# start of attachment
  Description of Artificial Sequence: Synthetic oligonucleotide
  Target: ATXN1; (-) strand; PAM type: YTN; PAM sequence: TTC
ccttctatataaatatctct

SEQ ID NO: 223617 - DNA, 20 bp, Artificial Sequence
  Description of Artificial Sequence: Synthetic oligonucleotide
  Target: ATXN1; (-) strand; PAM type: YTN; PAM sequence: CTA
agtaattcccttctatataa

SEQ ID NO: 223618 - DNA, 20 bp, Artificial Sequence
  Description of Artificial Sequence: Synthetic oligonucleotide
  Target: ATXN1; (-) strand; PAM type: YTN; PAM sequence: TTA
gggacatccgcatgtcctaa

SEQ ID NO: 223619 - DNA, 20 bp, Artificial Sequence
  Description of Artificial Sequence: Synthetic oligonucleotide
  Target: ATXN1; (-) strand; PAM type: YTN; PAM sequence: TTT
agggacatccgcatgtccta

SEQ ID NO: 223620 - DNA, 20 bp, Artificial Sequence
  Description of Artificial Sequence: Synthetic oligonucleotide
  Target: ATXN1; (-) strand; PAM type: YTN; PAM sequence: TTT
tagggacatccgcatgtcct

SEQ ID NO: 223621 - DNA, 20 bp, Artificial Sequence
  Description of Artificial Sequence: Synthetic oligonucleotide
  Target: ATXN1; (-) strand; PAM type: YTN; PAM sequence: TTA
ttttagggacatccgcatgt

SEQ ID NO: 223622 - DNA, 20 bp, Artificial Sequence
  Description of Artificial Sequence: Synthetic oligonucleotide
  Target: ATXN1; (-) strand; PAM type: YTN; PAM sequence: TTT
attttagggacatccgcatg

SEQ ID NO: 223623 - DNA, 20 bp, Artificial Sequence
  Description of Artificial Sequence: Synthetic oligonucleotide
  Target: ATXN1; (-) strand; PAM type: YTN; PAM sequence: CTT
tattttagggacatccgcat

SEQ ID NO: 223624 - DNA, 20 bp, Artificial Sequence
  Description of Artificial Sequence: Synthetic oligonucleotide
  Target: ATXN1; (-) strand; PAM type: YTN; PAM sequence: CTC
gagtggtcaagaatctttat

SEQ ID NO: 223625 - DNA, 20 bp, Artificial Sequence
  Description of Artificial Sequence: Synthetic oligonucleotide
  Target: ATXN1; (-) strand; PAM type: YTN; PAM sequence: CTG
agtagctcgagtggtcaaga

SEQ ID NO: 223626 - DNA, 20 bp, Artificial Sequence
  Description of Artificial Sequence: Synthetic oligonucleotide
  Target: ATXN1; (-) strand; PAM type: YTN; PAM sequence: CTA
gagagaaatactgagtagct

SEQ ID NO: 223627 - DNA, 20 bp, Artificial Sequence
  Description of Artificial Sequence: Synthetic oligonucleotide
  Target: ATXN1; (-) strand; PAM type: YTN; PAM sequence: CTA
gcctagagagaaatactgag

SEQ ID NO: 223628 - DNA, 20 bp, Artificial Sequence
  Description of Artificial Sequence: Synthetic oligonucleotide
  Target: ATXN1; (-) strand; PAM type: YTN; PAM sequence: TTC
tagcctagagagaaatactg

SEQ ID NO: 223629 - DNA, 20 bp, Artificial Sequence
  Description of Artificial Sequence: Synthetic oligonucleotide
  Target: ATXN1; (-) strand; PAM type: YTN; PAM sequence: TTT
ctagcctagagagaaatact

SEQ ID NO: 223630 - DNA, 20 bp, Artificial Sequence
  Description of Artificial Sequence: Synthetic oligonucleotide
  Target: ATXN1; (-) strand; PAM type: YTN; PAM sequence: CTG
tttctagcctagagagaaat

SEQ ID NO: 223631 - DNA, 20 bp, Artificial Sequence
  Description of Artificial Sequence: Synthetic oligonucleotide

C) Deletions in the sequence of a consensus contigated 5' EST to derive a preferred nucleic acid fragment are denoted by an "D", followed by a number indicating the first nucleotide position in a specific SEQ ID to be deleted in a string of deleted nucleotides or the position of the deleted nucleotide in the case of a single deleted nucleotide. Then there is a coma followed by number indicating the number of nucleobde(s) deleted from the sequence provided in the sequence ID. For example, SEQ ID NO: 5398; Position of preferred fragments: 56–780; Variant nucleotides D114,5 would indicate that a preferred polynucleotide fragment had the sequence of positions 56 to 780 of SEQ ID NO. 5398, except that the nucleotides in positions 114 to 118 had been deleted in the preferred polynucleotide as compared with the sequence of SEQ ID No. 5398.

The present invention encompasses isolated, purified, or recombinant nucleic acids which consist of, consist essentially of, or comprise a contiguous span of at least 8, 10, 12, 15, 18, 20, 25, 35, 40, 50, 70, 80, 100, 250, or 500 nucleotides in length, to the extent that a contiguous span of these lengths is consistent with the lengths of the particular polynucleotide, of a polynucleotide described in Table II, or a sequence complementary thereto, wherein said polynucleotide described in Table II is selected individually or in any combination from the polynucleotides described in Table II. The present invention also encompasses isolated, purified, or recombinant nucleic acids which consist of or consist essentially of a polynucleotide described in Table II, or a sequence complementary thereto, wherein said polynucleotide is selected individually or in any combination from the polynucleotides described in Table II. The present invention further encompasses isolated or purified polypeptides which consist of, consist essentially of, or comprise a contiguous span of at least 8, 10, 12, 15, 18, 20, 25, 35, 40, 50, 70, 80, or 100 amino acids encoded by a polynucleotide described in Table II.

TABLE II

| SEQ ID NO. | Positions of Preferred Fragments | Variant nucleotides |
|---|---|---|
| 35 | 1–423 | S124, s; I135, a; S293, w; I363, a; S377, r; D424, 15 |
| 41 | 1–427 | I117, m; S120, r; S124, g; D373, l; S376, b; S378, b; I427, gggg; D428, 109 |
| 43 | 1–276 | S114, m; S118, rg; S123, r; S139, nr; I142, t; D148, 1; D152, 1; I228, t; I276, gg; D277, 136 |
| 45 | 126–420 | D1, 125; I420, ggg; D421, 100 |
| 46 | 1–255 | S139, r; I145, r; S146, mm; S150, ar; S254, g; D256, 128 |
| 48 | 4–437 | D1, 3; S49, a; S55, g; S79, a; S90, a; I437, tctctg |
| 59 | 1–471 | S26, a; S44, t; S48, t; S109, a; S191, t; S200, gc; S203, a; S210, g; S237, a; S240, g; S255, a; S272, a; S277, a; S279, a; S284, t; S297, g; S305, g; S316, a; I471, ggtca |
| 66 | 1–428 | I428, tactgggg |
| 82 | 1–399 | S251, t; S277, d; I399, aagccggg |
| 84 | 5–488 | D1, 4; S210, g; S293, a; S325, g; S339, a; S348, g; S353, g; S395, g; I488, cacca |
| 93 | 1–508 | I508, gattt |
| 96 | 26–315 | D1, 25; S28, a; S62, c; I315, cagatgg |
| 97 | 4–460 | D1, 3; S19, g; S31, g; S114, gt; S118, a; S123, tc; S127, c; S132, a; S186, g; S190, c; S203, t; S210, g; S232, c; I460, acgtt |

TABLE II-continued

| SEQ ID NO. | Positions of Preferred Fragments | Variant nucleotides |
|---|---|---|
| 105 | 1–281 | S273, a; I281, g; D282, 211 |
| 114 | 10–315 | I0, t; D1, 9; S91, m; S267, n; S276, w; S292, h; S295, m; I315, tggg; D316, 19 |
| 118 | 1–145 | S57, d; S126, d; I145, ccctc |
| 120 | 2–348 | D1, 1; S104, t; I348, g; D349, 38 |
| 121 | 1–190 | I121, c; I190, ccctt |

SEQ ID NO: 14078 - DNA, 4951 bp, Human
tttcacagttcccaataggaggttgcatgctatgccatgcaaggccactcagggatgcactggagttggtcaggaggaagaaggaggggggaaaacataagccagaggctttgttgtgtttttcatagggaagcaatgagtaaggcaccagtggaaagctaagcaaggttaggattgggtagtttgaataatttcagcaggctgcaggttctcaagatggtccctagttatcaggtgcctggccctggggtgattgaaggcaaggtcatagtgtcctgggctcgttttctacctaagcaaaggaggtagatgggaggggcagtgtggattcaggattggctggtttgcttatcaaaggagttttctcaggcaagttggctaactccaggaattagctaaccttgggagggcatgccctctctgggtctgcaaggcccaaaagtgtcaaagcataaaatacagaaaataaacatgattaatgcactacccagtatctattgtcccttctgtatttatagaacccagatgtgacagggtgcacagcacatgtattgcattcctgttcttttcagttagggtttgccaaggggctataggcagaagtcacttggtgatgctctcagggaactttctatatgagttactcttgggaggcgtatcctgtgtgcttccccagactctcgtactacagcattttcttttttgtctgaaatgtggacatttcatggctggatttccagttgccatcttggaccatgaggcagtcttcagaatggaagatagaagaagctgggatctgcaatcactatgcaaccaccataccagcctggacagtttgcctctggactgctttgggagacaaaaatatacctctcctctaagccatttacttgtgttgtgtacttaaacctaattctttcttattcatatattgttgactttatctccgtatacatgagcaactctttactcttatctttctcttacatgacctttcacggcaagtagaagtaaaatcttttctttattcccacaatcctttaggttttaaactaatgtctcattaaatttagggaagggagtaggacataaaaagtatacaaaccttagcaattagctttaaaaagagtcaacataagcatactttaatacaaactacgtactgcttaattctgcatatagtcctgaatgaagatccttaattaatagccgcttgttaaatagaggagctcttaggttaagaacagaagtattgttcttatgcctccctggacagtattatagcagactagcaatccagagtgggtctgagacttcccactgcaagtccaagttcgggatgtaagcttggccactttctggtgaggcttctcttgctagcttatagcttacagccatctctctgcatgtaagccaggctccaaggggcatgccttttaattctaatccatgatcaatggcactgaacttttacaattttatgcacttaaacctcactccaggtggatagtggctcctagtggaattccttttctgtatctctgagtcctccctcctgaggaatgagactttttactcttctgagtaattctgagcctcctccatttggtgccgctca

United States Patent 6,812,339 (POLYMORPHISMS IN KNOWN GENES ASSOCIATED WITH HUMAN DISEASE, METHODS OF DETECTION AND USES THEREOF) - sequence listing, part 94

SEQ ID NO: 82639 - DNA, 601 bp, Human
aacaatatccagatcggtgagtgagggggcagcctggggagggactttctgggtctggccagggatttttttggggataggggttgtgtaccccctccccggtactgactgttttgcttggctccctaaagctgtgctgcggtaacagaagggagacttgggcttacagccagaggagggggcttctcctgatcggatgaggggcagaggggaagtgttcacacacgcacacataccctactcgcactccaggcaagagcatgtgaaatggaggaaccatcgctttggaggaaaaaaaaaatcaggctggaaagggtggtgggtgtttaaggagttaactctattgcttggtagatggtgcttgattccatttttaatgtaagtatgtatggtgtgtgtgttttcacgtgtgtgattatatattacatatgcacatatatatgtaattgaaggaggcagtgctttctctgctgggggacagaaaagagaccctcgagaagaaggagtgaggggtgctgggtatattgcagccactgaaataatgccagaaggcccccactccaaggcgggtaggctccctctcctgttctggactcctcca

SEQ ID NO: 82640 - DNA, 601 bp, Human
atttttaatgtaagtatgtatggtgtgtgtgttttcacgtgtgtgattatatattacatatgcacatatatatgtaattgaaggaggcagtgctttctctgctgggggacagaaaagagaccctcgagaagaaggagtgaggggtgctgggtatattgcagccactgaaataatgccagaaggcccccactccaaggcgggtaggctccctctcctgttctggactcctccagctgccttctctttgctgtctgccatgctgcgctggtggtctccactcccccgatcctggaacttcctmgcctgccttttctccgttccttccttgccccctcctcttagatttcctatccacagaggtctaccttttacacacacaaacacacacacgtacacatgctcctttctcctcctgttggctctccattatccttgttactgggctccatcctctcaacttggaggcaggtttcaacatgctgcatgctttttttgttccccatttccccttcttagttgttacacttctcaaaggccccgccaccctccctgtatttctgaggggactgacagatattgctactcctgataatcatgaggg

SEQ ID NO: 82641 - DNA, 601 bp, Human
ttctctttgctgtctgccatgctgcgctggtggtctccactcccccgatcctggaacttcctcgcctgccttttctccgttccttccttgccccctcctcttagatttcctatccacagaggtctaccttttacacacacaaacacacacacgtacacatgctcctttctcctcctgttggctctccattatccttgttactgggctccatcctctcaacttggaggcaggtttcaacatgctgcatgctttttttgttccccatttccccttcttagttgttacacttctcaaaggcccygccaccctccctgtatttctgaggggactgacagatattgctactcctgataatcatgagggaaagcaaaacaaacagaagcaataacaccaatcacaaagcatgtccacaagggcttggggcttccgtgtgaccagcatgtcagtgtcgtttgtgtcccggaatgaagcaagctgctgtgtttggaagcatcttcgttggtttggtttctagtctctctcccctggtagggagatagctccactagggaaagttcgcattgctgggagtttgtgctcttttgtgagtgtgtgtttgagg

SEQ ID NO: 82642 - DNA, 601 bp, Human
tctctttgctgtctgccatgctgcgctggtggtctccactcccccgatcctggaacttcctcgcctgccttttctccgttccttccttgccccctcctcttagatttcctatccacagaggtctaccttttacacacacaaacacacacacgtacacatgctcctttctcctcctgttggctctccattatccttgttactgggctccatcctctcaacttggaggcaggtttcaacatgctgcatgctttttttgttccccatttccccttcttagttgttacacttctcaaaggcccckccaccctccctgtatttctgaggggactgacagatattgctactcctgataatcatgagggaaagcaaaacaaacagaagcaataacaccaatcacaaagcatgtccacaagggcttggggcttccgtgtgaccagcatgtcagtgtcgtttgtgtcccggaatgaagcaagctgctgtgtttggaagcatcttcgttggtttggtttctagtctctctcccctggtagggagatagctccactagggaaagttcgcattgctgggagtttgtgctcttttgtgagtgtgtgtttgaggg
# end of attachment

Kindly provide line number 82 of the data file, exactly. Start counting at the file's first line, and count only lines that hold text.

|---|---|---|